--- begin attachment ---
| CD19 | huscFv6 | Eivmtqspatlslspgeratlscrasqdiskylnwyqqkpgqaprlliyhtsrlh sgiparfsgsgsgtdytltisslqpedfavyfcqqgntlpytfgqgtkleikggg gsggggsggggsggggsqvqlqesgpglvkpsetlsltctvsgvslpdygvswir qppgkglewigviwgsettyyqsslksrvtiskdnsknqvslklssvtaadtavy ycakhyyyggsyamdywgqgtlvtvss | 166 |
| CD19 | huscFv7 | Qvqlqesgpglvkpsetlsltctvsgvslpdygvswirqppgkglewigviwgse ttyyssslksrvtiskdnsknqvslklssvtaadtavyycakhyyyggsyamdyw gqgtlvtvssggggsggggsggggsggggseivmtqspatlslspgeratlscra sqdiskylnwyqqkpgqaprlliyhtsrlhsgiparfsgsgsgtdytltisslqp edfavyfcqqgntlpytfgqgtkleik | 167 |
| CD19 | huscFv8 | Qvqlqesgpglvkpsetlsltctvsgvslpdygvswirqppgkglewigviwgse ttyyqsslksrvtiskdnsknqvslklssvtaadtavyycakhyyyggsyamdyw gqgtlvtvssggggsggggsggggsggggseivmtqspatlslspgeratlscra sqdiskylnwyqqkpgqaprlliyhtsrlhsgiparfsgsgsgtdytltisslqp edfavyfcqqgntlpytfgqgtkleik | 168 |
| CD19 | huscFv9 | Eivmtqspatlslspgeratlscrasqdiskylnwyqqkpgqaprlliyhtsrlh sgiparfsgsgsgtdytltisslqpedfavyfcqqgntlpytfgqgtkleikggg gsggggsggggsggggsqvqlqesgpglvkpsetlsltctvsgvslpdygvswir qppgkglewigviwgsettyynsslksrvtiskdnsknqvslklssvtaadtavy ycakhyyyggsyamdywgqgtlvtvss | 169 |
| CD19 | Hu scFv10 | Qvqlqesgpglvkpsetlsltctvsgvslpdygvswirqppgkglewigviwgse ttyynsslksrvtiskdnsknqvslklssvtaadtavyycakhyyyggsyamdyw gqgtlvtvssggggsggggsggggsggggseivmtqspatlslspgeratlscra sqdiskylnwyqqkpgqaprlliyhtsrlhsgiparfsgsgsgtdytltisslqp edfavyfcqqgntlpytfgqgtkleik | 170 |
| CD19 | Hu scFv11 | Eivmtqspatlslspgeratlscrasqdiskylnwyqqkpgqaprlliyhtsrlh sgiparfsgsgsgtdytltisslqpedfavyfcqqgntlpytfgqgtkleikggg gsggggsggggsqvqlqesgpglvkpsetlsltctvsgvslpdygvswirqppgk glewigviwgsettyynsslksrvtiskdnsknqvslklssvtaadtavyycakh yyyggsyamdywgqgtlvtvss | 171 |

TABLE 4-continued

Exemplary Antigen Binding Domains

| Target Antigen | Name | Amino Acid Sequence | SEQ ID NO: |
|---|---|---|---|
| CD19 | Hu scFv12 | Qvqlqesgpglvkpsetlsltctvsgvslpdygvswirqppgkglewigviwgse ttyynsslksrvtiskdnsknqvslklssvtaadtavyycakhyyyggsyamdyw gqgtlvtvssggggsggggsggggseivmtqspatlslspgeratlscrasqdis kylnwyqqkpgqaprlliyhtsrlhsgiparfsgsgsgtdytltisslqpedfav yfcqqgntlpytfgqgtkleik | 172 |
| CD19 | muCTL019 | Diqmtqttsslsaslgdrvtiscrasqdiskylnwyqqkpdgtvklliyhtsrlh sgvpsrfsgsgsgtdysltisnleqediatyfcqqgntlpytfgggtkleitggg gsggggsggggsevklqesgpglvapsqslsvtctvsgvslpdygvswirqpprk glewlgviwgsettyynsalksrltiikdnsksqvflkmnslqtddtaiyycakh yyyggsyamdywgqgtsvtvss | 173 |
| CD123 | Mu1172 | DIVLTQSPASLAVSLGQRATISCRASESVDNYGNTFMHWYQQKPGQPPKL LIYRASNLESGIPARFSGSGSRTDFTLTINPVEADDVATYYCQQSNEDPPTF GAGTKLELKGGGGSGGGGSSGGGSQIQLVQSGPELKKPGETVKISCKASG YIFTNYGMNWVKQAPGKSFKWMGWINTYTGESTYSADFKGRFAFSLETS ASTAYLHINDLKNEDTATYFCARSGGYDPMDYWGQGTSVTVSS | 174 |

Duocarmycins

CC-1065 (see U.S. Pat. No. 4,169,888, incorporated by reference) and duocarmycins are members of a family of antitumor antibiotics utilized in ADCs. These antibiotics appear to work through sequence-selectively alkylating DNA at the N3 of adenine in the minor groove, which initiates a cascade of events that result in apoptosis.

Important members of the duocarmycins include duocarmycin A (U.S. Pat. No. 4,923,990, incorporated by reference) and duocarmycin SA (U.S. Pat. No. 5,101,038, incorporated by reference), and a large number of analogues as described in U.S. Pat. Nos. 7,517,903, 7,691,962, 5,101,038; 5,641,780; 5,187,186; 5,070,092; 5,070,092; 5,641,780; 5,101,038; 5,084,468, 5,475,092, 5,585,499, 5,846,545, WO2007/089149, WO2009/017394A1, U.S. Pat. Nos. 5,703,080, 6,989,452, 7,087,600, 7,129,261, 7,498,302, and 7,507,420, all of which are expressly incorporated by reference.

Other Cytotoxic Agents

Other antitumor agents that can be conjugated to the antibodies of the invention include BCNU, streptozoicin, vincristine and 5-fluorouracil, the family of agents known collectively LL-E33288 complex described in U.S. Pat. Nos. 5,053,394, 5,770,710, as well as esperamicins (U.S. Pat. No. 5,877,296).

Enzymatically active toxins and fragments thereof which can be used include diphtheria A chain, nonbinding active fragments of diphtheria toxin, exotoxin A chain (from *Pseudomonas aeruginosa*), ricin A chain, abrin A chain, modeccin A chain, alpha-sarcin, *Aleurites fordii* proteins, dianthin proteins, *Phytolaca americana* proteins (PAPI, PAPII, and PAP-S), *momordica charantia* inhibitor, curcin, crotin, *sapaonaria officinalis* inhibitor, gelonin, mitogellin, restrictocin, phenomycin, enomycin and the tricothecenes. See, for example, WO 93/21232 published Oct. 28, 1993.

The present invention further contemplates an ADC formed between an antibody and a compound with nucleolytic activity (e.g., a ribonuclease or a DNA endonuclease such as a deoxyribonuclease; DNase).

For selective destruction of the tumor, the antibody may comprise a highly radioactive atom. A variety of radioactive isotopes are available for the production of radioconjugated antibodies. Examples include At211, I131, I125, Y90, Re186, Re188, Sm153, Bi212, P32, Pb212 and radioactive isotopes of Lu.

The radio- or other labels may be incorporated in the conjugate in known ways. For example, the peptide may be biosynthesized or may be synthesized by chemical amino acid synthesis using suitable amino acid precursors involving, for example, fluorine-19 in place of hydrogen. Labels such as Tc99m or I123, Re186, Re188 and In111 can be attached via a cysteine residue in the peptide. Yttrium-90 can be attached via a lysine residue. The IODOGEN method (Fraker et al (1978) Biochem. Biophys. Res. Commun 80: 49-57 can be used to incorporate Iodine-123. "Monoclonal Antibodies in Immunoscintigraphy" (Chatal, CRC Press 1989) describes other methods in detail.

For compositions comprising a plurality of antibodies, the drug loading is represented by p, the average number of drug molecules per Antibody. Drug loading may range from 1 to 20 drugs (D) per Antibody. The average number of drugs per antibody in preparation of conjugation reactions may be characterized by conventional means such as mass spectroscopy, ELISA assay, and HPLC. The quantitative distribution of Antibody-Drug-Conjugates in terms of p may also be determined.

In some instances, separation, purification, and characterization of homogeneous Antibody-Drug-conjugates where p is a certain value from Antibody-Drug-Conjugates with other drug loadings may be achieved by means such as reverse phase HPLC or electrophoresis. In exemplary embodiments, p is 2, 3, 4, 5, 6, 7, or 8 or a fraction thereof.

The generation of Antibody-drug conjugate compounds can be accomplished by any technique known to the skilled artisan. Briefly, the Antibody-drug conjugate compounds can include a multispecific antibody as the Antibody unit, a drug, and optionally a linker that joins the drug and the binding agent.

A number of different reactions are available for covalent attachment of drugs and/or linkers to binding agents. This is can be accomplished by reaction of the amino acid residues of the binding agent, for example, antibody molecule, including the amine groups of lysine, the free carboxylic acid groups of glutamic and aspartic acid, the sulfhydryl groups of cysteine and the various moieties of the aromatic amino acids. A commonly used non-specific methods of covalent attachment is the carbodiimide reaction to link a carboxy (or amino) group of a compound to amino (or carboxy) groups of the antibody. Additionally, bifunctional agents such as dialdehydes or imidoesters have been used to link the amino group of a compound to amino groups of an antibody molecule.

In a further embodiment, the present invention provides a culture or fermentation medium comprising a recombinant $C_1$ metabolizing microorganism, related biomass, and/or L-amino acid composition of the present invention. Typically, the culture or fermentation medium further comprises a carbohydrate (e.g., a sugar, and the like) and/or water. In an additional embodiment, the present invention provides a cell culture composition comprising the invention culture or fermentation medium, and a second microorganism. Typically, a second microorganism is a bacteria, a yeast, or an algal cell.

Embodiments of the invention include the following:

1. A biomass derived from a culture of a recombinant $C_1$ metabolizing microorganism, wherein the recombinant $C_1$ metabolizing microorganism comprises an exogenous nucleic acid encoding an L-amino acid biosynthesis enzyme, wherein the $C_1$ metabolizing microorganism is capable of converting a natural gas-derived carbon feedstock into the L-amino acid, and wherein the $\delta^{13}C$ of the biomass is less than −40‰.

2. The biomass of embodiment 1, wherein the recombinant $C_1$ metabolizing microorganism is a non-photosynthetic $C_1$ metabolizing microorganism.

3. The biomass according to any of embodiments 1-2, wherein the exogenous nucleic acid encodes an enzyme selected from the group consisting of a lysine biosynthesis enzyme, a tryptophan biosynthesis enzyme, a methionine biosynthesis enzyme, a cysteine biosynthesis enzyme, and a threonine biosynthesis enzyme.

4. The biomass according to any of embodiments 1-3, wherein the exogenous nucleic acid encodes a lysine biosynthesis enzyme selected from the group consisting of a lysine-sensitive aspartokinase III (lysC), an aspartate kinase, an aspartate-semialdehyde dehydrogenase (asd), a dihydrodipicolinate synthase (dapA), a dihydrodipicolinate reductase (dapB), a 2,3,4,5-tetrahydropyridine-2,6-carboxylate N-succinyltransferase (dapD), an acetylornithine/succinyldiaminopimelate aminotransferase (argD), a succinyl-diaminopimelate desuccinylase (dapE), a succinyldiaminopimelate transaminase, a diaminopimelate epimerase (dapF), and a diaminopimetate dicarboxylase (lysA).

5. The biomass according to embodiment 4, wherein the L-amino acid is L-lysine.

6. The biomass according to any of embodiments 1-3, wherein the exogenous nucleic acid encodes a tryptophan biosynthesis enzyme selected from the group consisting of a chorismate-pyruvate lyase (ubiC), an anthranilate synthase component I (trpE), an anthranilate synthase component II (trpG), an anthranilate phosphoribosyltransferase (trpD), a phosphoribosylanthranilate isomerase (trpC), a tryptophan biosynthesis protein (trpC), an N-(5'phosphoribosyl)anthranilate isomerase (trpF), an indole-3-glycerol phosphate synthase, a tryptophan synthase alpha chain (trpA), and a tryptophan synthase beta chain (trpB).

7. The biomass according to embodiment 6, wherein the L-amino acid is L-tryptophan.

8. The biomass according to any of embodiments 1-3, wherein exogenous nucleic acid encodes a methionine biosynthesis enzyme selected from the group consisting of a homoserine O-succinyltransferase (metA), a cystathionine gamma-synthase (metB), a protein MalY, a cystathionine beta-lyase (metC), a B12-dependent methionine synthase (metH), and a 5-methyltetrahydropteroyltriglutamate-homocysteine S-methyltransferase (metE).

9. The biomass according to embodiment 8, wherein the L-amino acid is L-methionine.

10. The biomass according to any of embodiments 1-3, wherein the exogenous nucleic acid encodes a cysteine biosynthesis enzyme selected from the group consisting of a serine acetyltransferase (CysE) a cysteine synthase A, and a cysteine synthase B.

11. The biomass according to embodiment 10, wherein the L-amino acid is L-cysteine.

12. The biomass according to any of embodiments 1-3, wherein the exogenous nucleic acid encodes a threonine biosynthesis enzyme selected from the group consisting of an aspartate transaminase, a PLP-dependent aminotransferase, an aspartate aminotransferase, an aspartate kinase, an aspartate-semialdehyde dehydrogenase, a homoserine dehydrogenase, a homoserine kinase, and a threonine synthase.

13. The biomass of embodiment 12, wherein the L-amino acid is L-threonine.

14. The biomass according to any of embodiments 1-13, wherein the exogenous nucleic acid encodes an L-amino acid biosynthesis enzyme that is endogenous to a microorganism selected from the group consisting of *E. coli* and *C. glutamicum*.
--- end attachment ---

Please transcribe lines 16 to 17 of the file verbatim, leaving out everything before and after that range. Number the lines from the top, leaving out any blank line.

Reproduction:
Important members of the duocarmycins include duocarmycin A (U.S. Pat. No. 4,923,990, incorporated by reference) and duocarmycin SA (U.S. Pat. No. 5,101,038, incorporated by reference), and a large number of analogues as described in U.S. Pat. Nos. 7,517,903, 7,691,962, 5,101,038; 5,641,780; 5,187,186; 5,070,092; 5,070,092; 5,641,780; 5,101,038; 5,084,468, 5,475,092, 5,585,499, 5,846,545, WO2007/089149, WO2009/017394A1, U.S. Pat. Nos. 5,703,080, 6,989,452, 7,087,600, 7,129,261, 7,498,302, and 7,507,420, all of which are expressly incorporated by reference.

Other Cytotoxic Agents